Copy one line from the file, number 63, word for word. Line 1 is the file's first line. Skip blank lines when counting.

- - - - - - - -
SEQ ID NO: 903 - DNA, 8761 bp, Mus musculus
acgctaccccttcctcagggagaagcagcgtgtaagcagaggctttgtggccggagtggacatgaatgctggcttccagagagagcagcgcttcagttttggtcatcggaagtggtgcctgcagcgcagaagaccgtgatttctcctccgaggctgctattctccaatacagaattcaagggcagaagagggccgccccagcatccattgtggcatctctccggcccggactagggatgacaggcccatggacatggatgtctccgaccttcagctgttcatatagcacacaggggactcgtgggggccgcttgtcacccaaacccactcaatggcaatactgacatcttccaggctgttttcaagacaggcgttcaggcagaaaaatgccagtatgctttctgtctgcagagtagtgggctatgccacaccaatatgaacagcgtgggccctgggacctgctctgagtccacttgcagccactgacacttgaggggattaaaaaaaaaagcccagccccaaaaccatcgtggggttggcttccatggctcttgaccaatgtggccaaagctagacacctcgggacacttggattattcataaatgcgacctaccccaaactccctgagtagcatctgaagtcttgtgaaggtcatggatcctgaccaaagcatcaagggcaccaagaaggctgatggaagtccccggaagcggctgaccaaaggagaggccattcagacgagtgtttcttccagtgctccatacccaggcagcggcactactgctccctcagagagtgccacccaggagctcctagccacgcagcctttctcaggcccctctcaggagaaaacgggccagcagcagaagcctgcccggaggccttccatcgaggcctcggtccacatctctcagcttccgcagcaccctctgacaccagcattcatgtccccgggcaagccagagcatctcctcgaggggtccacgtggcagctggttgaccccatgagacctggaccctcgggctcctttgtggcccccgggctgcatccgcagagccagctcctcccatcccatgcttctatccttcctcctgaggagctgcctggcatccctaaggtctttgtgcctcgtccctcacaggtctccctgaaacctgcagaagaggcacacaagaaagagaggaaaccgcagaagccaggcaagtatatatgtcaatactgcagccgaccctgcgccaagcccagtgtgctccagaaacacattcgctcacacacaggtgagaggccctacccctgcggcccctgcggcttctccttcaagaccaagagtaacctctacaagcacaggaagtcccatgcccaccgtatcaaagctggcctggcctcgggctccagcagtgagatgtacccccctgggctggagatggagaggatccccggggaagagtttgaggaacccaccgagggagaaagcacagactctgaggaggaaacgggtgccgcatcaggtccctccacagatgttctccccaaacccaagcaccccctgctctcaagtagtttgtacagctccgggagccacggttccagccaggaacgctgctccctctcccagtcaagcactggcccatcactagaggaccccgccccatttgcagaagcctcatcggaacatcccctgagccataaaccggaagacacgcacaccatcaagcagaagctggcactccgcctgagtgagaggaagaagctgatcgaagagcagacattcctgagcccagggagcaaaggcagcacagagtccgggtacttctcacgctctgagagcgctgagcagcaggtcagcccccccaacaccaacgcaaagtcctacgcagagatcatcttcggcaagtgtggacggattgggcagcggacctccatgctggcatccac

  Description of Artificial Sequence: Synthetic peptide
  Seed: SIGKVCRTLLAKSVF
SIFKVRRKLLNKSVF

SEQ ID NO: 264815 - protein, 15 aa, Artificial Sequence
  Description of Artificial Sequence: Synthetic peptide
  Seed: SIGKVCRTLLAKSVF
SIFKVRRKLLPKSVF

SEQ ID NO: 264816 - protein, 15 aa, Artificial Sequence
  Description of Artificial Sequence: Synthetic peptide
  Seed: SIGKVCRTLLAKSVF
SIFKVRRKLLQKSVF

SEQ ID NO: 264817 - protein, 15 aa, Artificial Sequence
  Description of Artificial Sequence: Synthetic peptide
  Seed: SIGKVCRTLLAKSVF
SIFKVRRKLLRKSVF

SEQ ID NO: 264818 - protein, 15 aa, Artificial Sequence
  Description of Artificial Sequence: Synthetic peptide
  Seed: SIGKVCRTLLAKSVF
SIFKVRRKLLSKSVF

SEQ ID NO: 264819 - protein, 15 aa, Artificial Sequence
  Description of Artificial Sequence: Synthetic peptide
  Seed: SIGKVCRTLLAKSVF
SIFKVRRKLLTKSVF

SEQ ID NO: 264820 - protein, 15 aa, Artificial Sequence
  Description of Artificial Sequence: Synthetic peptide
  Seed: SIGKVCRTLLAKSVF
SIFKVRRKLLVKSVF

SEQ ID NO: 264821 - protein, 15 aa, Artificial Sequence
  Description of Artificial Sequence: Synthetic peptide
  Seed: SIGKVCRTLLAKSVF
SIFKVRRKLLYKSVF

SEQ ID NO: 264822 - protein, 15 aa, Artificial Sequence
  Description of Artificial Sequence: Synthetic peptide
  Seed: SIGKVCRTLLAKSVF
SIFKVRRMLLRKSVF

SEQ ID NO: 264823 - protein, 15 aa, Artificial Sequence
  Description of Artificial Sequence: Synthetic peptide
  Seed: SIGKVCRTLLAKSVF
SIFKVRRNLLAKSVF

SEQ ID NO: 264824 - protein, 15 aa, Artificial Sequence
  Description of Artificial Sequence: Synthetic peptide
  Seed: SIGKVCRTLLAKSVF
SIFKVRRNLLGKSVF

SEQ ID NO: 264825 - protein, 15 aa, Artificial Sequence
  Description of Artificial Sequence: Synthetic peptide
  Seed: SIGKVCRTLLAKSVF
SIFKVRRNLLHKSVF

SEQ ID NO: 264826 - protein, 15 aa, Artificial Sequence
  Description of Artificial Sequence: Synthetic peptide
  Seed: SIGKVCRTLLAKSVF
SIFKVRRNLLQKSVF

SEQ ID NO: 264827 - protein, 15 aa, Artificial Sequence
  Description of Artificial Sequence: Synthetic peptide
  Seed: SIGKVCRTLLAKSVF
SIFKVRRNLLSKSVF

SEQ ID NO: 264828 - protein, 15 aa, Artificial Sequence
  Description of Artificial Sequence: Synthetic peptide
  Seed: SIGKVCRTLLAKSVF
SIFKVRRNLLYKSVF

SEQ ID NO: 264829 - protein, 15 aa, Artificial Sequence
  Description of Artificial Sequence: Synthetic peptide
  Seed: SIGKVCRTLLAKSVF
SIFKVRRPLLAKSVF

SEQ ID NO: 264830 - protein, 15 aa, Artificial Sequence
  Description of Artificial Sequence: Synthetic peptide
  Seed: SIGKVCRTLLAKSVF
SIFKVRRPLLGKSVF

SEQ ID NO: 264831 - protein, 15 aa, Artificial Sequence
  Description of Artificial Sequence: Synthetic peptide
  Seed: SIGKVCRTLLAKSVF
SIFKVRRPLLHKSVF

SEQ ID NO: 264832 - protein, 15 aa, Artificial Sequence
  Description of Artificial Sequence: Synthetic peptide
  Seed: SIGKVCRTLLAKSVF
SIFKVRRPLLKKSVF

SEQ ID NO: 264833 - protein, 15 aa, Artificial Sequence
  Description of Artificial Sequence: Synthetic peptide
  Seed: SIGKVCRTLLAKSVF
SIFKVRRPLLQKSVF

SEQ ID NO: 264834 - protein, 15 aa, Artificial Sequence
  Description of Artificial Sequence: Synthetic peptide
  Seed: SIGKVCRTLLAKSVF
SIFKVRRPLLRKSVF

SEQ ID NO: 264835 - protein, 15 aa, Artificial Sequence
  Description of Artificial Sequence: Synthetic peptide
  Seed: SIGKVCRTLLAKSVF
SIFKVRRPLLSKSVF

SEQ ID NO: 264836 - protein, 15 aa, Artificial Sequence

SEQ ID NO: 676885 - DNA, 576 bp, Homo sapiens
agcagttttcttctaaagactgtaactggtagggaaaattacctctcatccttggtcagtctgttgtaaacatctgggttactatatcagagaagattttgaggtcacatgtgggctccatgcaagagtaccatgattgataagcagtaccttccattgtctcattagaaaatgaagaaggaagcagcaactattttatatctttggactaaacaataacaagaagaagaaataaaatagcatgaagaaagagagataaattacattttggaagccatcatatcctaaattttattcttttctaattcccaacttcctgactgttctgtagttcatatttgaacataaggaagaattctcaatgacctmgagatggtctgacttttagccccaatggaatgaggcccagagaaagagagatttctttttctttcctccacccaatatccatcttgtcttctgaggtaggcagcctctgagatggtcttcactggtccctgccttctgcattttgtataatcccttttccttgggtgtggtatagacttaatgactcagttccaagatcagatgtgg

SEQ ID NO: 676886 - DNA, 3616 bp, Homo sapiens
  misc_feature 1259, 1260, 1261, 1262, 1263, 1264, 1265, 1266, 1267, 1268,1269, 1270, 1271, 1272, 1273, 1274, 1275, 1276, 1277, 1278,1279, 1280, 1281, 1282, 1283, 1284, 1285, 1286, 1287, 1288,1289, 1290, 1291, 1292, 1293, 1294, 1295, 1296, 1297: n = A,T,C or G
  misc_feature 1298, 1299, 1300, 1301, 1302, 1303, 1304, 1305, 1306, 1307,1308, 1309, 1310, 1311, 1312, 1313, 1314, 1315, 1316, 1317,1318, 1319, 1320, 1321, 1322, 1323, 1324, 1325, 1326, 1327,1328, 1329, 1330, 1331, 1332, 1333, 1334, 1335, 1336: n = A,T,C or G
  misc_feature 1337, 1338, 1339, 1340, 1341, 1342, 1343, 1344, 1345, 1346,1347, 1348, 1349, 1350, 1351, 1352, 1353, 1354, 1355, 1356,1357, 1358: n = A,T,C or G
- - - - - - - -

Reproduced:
  Description of Artificial Sequence: Synthetic peptide